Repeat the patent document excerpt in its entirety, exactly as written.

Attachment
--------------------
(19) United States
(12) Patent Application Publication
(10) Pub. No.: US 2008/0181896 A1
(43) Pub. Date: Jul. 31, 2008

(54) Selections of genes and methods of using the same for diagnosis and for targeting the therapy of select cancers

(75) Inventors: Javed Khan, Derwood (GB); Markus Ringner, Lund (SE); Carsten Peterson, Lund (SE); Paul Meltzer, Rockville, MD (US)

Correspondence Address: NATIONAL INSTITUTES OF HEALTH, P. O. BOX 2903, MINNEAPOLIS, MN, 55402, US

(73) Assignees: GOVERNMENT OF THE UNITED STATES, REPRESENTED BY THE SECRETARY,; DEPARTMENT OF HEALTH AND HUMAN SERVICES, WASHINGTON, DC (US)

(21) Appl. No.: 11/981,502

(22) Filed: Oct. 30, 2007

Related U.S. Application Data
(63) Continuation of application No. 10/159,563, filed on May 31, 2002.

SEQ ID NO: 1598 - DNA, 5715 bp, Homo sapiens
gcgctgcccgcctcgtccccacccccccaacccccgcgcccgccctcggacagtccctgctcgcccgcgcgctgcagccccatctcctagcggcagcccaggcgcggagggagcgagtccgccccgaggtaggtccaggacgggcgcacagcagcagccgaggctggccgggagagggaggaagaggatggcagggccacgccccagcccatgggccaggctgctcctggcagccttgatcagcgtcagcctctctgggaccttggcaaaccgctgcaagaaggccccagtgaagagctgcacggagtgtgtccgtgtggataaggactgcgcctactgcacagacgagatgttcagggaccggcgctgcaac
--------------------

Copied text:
(19) United States
(12) Patent Application Publication
(10) Pub. No.: US 2008/0181896 A1
(43) Pub. Date: Jul. 31, 2008

(54) Selections of genes and methods of using the same for diagnosis and for targeting the therapy of select cancers

(75) Inventors: Javed Khan, Derwood (GB); Markus Ringner, Lund (SE); Carsten Peterson, Lund (SE); Paul Meltzer, Rockville, MD (US)

Correspondence Address: NATIONAL INSTITUTES OF HEALTH, P. O. BOX 2903, MINNEAPOLIS, MN, 55402, US

(73) Assignees: GOVERNMENT OF THE UNITED STATES, REPRESENTED BY THE SECRETARY,; DEPARTMENT OF HEALTH AND HUMAN SERVICES, WASHINGTON, DC (US)

(21) Appl. No.: 11/981,502

(22) Filed: Oct. 30, 2007

Related U.S. Application Data
(63) Continuation of application No. 10/159,563, filed on May 31, 2002.

SEQ ID NO: 1598 - DNA, 5715 bp, Homo sapiens
gcgctgcccgcctcgtccccacccccccaacccccgcgcccgccctcggacagtccctgctcgcccgcgcgctgcagccccatctcctagcggcagcccaggcgcggagggagcgagtccgccccgaggtaggtccaggacgggcgcacagcagcagccgaggctggccgggagagggaggaagaggatggcagggccacgccccagcccatgggccaggctgctcctggcagccttgatcagcgtcagcctctctgggaccttggcaaaccgctgcaagaaggccccagtgaagagctgcacggagtgtgtccgtgtggataaggactgcgcctactgcacagacgagatgttcagggaccggcgctgcaac